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The Adventure Gaming Periodical - Issue #4
A Note on our Name and Maps as Accessibility Tools
This week’s newsletter contains two components. The first half is some short commentary about why, as a trans woman I chose The Adventure Gaming Periodical, or The AGP as the name of this magazine. The second half will be a discussion of how to use grid and zone maps in Mothership while avoiding the pitfalls of wargame inspired tactical gridded combat.
Why The AGP?!
Earlier this weekend, I had a discussion with the wonderful Evlyn Moreau about what I chose the name The Adventure Gaming Periodical, or The AGP for this magazine. Trans women and other Queer folks may be familiar with the term Autogynophilia or AGP. AGP is part of a controversial typology of transfeminine folks developed by the sexologist Ray Blanchard. Blanchard categorized trans women into two categories: homosexual transsexuals who are attracted exclusively to men and are feminine in both behavior and appearance; and autogynephilic transsexuals who experience sexual arousal at the idea of having a female body. These categorizations have been very harmful to trans women, and especially trans women who do not identify as straight.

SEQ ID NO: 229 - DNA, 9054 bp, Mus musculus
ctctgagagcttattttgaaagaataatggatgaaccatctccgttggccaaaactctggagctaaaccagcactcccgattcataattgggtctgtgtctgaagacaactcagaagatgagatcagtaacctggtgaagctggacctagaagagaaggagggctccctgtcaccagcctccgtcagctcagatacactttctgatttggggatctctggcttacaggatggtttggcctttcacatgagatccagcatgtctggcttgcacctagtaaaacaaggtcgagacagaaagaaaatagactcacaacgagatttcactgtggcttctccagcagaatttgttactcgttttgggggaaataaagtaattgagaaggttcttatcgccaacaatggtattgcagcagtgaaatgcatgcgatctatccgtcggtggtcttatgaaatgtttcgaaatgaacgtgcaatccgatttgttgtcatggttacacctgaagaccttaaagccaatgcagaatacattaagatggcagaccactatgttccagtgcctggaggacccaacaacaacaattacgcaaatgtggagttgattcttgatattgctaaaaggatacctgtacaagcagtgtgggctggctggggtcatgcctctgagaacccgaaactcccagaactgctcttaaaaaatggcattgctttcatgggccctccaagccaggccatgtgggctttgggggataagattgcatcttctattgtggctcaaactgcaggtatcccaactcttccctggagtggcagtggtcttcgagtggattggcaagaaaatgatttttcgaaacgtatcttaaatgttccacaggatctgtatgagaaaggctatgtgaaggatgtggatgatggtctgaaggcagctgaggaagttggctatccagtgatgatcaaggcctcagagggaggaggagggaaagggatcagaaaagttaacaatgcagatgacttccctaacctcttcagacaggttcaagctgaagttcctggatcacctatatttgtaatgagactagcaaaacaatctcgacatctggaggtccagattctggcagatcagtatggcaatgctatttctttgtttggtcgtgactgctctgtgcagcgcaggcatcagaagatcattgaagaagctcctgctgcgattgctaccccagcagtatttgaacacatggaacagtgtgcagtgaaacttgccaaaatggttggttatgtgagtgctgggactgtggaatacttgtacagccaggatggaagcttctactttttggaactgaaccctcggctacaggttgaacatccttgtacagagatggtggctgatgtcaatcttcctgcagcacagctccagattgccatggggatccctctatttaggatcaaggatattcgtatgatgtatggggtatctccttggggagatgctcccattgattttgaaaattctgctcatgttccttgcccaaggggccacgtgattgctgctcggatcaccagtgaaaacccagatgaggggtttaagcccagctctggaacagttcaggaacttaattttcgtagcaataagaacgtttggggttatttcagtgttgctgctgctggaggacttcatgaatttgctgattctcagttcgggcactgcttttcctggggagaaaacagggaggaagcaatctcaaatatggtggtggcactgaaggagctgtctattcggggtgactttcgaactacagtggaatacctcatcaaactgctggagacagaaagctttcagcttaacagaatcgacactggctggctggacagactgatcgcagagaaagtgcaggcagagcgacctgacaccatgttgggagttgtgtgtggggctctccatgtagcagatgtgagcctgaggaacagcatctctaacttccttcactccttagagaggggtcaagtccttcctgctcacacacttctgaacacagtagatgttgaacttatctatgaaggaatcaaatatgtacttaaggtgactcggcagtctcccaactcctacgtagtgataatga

I am a late transitioning trans woman, as I’ve written about before, I didn’t start my transition until I was 34 years old. I lived a miserable life, and I didn’t even think being transgender was something for me because of AGP Theory (even though I didn’t know what it was called). When I was twelve or thirteen years old, I learned about gender confirmation surgery, and I was absolutely fascinated. I had always thought about what it would be like to experience life as a woman, and thought this was just a normal thought experiment that everyone did as part of being an aware human being. It was at that same time that I heard of the idea of non-straight and non-operative trans women, and the remarks I heard were “what’s the point of transitioning if you’re just going to be with women,” and “they must just be crossdressing perverts.” I shut myself out of even considering anything else about my gender identity because gender and sexuality were linked in my mind. All of these ideas in the zeitgeist about gay trans women came from AGP theory even though I had no clue it even existed.